Medina Airport is a convenient point of entry to Saudi Arabia for visitors to the country’s important religious sites and it currently receives more than one million Hajj pilgrims and around four million Umrah travellers a year. These figures are expected to increase significantly in coming years.
The initial master plan for the airport’s development to accommodate these numbers was prepared by Dorsch for GACA, who then invited international consortia of investors and operators to develop the master plan and design the new airport facilities. The intention is that three phases of development, when complete in 2037, will provide facilities with an annual capacity of 16 million passengers.
The first phase of development incorporates a terminal and pier, extensive airfield work including the expansion and rehabilitation of two existing runways, new taxiways and apron for 18 contact stands, and 20 remote stands capable of accommodating Code F aircraft.
The modular design of the 150,000m2 terminal building includes the capacity for an initial increase in passenger numbers to eight million and allows for further expansion without compromising the terminal’s operation.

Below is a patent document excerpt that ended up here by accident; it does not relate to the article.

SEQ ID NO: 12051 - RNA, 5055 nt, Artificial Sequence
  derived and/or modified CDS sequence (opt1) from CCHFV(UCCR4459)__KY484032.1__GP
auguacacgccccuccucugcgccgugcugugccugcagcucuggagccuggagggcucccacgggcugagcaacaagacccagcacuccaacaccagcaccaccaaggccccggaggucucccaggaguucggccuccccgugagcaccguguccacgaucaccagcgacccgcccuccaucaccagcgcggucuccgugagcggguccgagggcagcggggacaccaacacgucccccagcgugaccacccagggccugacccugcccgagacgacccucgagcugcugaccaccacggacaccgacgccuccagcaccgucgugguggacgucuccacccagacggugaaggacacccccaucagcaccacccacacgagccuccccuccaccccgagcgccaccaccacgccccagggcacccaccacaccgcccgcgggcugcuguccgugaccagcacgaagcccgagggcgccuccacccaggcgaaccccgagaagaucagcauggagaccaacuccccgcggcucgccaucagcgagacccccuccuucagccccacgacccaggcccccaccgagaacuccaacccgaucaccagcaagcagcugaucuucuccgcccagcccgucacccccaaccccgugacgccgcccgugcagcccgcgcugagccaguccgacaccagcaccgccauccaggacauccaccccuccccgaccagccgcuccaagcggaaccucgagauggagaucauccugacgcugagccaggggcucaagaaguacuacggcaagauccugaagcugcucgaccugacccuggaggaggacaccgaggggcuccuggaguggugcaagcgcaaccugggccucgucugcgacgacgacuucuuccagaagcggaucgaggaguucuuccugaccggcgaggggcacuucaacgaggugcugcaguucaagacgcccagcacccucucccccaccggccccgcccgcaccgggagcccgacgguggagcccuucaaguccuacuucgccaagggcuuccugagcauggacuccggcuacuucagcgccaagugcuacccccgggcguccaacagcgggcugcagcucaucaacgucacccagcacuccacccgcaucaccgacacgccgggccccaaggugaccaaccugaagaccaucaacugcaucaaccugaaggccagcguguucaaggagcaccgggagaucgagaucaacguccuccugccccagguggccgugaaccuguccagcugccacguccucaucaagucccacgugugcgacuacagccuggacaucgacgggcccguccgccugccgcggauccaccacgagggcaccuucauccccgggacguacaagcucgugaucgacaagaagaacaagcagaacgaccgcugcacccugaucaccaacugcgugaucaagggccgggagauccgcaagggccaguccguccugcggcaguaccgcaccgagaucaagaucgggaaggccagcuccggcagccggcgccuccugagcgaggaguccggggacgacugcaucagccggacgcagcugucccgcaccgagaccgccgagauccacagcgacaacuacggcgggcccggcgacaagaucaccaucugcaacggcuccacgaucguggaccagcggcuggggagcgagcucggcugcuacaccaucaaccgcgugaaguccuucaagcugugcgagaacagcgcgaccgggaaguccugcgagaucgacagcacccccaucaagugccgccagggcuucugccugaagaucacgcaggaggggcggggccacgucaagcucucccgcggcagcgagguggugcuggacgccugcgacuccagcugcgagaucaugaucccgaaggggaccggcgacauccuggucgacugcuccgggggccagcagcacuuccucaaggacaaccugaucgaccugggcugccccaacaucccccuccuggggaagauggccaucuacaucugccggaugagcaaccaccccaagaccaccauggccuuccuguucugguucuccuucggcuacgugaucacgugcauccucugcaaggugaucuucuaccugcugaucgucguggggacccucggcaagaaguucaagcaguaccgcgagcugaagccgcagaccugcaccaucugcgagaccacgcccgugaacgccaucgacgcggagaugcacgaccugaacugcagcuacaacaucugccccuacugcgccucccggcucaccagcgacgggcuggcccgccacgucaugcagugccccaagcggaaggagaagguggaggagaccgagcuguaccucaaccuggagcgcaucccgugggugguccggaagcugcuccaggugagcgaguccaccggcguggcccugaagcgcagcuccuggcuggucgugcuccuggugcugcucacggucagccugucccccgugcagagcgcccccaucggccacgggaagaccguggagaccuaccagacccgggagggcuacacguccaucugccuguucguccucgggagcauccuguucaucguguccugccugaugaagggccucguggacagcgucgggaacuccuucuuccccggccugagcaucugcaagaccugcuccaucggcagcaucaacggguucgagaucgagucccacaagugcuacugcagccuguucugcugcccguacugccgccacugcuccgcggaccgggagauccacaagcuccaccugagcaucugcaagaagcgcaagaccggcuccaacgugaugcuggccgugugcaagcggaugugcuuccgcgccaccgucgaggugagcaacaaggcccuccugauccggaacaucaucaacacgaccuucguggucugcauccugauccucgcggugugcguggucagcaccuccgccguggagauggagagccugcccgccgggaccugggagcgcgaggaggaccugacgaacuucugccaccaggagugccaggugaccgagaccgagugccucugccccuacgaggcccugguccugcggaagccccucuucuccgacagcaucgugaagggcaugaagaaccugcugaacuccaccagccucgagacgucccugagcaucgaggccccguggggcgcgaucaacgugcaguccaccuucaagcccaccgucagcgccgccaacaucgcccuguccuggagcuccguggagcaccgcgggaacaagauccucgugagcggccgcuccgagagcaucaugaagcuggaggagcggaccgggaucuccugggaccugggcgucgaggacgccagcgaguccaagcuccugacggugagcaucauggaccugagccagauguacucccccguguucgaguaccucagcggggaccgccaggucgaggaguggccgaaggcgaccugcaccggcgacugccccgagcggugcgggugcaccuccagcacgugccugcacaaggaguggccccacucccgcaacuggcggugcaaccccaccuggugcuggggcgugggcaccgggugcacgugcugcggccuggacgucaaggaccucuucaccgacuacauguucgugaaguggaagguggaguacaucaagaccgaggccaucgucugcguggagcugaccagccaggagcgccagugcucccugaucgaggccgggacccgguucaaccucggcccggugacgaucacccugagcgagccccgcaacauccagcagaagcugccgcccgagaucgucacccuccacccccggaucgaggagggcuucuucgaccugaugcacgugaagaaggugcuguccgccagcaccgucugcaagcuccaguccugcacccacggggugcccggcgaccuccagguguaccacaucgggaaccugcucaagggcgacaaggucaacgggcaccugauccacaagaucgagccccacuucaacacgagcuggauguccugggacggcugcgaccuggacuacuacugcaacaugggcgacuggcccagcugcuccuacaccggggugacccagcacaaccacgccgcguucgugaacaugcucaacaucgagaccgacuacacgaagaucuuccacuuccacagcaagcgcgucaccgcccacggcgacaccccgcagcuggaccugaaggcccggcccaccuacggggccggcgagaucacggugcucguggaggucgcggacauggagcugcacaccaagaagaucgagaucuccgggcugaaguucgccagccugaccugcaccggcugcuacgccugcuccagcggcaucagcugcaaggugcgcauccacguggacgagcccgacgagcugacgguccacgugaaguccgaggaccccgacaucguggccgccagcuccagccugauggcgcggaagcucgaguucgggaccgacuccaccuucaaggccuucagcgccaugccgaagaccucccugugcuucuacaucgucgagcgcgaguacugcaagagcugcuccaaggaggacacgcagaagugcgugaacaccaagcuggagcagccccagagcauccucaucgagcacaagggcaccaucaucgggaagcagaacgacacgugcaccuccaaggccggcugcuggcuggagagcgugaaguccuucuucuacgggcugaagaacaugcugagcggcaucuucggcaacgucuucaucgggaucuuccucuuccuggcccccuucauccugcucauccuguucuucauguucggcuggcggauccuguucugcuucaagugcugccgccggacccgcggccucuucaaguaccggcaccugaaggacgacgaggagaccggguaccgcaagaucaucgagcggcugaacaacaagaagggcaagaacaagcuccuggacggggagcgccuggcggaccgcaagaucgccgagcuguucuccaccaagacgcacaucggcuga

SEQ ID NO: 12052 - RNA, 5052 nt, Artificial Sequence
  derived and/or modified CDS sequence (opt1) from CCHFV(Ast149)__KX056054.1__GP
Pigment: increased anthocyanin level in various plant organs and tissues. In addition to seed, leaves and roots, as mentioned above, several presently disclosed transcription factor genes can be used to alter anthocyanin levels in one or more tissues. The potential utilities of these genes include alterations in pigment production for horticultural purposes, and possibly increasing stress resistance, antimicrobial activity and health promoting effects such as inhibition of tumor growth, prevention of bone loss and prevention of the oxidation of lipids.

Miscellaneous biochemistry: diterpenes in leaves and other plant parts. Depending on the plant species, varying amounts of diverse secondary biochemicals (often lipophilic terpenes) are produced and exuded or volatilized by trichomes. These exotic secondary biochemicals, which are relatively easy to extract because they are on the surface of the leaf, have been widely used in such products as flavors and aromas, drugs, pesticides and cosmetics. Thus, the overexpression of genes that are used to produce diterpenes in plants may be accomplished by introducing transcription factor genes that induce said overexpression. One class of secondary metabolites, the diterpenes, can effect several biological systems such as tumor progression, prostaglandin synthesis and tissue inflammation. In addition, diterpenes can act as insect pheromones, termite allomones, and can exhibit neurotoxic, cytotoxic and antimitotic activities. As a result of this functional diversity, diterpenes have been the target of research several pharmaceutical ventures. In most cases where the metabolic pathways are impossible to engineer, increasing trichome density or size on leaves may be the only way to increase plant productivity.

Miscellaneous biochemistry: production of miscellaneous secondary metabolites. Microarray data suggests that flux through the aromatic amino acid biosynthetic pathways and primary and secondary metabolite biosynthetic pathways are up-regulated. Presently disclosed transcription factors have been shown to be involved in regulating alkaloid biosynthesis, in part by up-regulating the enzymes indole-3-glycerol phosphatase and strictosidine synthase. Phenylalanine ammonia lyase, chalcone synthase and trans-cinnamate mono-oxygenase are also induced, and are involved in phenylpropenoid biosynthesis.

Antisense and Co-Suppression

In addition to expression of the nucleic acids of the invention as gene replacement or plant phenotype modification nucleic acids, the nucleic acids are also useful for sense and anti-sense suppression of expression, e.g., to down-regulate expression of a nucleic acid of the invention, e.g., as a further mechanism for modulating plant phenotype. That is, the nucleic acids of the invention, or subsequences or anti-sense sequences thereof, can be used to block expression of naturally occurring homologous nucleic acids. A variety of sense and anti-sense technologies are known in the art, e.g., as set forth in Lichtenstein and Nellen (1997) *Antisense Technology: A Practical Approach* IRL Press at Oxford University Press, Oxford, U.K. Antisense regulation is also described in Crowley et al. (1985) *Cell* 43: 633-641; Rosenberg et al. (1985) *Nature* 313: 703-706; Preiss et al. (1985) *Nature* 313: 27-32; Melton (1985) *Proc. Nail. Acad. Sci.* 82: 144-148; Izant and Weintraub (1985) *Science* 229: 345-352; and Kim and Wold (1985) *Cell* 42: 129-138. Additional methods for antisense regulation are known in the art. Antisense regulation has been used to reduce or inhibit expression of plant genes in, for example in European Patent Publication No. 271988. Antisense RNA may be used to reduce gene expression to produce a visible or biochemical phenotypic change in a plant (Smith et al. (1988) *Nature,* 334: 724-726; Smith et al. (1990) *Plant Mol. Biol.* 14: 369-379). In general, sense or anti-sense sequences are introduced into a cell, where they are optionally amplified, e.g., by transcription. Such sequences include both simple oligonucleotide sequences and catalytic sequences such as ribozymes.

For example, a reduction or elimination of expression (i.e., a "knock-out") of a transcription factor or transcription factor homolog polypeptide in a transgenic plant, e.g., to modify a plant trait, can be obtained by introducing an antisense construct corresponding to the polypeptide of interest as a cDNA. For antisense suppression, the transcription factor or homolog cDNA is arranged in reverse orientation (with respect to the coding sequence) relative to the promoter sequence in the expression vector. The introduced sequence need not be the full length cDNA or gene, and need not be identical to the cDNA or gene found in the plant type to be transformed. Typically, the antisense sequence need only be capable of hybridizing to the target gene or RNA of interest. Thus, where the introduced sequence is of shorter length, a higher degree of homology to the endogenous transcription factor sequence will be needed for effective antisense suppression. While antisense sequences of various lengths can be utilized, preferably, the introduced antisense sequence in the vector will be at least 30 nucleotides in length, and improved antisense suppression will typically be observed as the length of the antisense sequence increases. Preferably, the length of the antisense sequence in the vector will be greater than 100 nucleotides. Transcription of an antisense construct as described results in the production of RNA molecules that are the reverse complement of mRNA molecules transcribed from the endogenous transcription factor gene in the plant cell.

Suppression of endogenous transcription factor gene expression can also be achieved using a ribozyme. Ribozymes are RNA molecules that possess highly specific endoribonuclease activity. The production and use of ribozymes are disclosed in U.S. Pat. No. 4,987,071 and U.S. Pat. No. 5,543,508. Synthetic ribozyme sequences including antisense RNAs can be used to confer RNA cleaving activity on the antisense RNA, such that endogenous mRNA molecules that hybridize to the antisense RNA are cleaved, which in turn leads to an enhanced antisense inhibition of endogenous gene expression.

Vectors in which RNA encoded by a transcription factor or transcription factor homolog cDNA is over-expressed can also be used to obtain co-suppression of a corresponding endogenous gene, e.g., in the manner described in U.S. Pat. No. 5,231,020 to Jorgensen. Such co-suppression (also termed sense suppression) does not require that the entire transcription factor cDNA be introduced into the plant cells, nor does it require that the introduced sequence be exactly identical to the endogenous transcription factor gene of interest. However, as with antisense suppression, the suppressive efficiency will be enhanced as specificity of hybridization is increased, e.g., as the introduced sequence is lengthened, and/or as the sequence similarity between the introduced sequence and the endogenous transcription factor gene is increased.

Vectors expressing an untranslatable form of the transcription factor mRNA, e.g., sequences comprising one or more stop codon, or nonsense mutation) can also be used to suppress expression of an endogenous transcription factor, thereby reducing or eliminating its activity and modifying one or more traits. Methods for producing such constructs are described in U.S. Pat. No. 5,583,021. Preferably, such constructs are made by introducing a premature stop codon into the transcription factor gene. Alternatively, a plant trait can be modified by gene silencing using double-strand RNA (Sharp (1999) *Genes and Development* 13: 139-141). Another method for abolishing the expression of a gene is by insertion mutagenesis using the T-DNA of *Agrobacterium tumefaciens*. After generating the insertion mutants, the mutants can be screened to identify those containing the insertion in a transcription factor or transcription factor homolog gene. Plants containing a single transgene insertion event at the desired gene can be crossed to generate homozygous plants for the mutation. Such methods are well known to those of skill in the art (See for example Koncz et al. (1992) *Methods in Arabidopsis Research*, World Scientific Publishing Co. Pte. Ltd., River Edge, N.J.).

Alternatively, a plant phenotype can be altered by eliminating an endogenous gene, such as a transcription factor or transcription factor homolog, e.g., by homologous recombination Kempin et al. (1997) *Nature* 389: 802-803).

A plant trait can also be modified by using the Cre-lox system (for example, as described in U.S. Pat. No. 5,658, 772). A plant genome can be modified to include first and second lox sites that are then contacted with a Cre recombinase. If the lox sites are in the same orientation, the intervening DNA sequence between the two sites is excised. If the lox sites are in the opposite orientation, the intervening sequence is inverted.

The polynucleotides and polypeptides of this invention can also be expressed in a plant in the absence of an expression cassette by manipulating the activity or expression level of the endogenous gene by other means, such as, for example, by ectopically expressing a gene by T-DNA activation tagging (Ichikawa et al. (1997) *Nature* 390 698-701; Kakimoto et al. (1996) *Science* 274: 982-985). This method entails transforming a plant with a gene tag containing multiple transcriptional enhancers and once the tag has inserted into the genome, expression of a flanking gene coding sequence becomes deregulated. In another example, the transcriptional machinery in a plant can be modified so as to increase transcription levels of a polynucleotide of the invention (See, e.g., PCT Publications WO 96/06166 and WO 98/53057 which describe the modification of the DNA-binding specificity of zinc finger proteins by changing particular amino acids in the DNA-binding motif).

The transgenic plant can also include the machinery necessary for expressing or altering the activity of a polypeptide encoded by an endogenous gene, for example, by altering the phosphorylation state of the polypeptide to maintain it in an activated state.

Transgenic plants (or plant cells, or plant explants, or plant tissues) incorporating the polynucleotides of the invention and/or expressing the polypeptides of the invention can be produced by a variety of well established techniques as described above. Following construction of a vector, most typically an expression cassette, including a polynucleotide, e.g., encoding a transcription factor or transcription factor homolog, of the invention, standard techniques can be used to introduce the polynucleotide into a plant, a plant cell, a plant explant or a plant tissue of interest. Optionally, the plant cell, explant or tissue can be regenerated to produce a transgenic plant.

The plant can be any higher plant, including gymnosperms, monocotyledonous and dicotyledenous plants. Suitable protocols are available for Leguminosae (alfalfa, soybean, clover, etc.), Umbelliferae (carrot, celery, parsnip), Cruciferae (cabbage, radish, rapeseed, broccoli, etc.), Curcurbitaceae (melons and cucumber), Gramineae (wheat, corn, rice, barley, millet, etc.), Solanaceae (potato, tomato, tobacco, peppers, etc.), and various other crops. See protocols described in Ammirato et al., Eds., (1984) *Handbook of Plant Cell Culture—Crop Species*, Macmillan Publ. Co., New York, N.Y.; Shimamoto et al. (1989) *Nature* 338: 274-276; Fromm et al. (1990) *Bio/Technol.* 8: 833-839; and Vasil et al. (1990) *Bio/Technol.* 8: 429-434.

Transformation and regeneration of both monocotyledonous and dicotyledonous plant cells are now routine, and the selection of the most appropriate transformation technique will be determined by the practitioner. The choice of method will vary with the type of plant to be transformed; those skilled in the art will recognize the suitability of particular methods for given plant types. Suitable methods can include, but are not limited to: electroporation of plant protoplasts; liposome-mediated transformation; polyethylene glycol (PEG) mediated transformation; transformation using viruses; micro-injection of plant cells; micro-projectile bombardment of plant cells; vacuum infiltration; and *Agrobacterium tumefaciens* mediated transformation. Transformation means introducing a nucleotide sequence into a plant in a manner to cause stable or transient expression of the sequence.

A large Hajj Plaza sits opposite the new terminal and has six air-conditioned pavilions designed as holding areas for Hajj passengers. The pavilions will relieve pressure on the terminal and regulate passenger flow at peak times. Landside infrastructure includes a new road network, car parks, utility buildings, a mosque, ARFF, housing complex for airport employees and other aviation buildings.
Construction of the first phase completed at the end of 2014 and the initial commercial flights are expected in March 2015. The project team paid particular attention to the environmental impact and sustainability aspects of the development and are delighted that the project has recently achieved Gold certification under the LEED for New Construction Rating System.